### Step 3: Construct Growth Curve; Fit with Model

Plot your data on a graph and think about how the zebra mussel population has changed over time in Round Lake. Follow the instructions below.

#### 1. Lable Axes

Scientific graphs depict the relationship between an **independent variable** (the one controlled by the experimenter) and a **dependent variable** (the one measured by the experimenter).

Use the dropdowns to select the proper variables, their scales and their units for the graph, then **click “Submit”**.

##### Your Data: Zebra Mussels in Round Lake (ZM/m^{2})

Year | Site 1 | Site 2 | Site 3 |
---|---|---|---|

1 | 0 | 0 | 1 |

2 | 9 | 8 | 3 |

3 | 183 | 126 | 90 |

4 | 3,380 | 2,765 | 1,869 |

5 | 68,274 | 58,329 | 34,524 |

### Step 3: Construct Growth Curve; Fit with Model

#### 2. Plot the Data

Plot your data for each year, then draw a line through the data points.

##### Your Data: Zebra Mussels in Round Lake (ZM/m^{2})

Year | Site 1 | Site 2 | Site 3 |
---|---|---|---|

1 | 0 | 0 | 1 |

2 | 9 | 8 | 3 |

3 | 183 | 126 | 90 |

4 | 3,380 | 2,765 | 1,869 |

5 | 68,274 | 58,329 | 34,524 |

### Step 3: Construct Growth Curve; Fit with Model

#### 3. Fit your Data to Appropriate Model: Expert’s Predictions

Complete the following statement using the radio buttons.

The number of individuals added each new year...

Population density of zebra mussels (Number of zebra mussels per metre square) at the three sampling sites over time for the first five years of sampling at Round Lake, Ontario, Canada.

“No. You chose an answer that I predicted in my model: A small, constant number of new individuals each year. However, your data show a steep increase in population size. It looks like they were much more successful at reproducing at low population density than I thought.” **Please try again.**

“No. You chose an answer that resembles my model. Both my model and your data show that growth was proportional to the number of zebra mussels already present. However, I also predicted growth would level off by 5 years, but the population is still increasing! I guess the resources in Round Lake are not as limited as I thought.” **Please try again.**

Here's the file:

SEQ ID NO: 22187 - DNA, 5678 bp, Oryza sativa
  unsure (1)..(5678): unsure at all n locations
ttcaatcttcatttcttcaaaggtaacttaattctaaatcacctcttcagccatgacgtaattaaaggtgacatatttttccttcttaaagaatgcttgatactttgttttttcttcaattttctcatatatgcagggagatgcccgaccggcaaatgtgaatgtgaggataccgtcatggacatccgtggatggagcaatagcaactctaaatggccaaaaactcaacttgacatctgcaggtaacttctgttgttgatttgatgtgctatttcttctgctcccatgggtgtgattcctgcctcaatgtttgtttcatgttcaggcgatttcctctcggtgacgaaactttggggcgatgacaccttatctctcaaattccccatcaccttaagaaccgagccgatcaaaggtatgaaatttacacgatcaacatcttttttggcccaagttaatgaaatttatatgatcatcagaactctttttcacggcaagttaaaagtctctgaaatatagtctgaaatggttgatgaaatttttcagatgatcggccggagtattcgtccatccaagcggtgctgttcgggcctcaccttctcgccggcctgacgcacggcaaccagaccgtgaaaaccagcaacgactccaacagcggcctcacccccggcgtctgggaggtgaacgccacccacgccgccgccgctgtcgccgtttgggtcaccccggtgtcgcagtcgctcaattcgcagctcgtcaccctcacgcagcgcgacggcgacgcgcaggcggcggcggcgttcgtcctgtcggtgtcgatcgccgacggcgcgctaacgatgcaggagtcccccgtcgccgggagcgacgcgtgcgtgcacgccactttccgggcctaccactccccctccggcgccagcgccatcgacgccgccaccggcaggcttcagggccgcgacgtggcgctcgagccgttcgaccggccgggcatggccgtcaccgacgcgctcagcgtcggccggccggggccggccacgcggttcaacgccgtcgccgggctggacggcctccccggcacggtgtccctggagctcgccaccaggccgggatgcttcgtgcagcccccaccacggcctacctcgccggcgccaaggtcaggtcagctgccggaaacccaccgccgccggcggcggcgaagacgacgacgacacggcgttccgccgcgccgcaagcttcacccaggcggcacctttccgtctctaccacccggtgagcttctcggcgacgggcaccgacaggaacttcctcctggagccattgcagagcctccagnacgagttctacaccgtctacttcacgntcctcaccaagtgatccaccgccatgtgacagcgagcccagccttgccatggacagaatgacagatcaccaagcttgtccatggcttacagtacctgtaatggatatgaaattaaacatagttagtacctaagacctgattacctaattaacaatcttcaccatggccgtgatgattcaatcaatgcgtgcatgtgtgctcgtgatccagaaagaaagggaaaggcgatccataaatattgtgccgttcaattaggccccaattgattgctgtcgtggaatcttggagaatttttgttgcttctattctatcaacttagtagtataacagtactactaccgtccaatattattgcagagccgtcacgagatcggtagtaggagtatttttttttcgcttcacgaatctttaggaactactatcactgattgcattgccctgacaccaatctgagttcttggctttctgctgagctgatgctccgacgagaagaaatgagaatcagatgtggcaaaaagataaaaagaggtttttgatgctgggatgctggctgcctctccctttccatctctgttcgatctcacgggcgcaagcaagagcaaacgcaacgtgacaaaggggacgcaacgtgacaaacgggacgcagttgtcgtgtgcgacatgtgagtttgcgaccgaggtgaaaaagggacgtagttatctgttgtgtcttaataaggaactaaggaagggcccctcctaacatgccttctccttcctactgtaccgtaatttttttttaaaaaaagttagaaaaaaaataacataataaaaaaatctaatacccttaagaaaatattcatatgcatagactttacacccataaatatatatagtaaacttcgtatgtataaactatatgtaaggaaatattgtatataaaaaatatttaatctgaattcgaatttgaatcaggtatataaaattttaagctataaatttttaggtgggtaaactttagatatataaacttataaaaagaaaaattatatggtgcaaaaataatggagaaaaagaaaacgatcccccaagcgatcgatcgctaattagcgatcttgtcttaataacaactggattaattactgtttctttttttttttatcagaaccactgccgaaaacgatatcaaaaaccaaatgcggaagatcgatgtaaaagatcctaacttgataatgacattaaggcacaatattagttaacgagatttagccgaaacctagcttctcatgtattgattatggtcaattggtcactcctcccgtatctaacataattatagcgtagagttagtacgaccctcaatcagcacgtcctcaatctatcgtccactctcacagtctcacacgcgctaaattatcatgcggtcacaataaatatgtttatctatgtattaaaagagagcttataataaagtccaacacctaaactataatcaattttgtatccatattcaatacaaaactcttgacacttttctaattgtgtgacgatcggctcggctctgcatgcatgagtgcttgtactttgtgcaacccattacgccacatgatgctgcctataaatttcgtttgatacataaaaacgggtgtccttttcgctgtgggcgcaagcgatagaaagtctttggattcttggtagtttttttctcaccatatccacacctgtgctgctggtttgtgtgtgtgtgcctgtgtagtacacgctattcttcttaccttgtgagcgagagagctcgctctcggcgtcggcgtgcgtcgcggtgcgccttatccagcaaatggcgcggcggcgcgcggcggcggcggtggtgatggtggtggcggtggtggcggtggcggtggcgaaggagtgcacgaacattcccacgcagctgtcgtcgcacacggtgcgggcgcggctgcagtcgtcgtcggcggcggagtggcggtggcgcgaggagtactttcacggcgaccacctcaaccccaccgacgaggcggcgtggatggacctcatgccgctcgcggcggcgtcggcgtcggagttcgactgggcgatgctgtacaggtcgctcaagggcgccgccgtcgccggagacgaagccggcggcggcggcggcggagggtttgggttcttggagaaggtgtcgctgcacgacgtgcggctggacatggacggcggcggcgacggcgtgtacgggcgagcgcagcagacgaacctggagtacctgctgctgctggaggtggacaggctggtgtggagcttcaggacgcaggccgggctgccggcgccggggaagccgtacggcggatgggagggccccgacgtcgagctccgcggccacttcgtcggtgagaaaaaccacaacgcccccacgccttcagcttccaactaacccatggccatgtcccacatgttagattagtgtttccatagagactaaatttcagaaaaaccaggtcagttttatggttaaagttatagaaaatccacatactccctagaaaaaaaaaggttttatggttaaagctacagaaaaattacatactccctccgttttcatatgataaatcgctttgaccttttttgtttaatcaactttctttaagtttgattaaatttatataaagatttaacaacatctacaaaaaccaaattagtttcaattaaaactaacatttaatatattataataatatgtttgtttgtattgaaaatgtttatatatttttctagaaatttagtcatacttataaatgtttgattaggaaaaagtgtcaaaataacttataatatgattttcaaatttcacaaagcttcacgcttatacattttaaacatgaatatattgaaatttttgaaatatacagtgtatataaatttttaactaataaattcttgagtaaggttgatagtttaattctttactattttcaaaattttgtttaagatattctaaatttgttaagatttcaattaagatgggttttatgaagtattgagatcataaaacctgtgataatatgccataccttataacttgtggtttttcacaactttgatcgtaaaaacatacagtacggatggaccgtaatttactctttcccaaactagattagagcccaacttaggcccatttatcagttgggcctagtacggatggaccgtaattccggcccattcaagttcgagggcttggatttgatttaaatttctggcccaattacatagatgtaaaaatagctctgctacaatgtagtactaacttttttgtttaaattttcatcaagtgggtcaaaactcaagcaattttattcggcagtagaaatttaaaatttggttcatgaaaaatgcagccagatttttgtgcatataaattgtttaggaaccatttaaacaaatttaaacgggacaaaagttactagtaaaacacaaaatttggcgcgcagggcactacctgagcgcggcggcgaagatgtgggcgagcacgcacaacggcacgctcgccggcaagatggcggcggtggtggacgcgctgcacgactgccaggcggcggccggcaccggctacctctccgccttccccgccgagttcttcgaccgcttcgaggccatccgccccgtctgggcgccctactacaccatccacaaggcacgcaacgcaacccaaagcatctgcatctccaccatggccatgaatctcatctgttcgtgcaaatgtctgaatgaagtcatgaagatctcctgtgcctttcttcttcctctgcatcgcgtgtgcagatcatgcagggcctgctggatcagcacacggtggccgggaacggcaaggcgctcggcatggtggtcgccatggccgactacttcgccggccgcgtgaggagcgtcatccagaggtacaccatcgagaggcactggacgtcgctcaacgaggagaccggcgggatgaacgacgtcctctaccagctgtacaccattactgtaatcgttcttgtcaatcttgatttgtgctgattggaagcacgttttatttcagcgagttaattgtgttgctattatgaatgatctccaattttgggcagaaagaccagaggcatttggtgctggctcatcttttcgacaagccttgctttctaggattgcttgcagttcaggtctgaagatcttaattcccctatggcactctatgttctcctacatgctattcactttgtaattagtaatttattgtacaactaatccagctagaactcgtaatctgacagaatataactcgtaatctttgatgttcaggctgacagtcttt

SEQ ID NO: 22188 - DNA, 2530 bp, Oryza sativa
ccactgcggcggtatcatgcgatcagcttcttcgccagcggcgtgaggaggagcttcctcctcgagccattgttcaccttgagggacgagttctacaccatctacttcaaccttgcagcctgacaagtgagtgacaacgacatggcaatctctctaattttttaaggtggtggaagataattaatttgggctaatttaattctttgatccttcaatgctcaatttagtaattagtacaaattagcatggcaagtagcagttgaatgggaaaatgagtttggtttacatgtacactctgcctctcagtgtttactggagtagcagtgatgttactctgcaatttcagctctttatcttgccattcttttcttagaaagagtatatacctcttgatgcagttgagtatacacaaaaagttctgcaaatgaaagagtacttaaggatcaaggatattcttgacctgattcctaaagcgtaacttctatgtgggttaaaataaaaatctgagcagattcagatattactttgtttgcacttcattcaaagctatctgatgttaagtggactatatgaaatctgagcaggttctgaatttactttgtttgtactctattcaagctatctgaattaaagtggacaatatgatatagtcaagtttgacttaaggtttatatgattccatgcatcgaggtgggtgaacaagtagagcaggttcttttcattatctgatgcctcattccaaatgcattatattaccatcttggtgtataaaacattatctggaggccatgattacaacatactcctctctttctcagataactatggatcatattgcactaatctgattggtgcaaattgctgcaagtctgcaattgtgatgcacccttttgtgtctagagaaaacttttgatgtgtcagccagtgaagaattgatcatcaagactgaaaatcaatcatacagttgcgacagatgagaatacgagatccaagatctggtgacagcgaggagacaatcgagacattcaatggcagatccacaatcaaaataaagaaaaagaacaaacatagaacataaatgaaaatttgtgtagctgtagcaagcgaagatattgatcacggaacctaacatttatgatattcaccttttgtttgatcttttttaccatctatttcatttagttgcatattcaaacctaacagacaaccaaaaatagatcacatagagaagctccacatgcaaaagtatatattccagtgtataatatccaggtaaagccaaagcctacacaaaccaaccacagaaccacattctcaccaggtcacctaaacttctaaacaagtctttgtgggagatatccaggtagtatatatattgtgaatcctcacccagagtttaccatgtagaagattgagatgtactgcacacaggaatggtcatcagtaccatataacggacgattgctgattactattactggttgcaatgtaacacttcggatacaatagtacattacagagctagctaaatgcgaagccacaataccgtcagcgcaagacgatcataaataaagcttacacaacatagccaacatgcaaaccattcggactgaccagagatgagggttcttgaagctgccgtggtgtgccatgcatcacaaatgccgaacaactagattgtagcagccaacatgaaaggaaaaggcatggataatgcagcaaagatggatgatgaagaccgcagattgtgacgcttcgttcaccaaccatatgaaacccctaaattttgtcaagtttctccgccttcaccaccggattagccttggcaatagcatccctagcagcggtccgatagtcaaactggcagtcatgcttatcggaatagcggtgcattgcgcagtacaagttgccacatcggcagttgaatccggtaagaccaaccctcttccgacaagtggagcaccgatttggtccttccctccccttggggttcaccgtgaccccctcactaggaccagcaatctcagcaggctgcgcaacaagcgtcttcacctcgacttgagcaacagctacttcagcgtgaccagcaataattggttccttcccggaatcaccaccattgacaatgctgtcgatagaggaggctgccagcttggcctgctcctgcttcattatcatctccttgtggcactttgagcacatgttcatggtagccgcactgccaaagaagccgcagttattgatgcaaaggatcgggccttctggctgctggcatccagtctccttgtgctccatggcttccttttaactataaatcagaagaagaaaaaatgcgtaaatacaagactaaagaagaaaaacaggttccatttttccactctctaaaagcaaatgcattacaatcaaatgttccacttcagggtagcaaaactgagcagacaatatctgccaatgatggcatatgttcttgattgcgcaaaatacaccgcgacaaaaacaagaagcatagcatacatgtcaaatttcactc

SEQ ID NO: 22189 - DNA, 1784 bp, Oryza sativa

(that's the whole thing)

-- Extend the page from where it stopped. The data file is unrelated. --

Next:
“Yes! Your data are just as my model predicted! The number of individuals added each year was proportional to number already present, so that as N got bigger, growth became explosive. Also, my assumption about growth being unlimited by resources at Round Lake was correct too. You can see that nothing is stopping the zebra mussels yet!”** Click “Next” to continue.**

### Step 3: Construct Growth Curve; Fit with Model

#### 4. Fit your Data to Appropriate Model: Equations

Population growth models, as you know, are also expressed in equations.

Which equation matches the model you chose?

Which equation matches the model you chose?

Population density of zebra mussels (Number of zebra mussels per metre square) at the three sampling sites over time for the first five years of sampling at Round Lake, Ontario, Canada.

“No. This equation doesn’t describe your data. This is an equation for a straight line similar to my prediction in my model in which a constant number of individuals is added each year.”** Please try again**

“No. This equation doesn’t describe your data. This is an equation for a logistic curve similar to my model in which the number of individuals added each year is eventually limited by external factors.”** Please try again.**

“Yes! This equation describes your data! This is an equation for exponential growth similar to my model in which the number of individuals added each year is not limited.”** Click “Next” to continue.**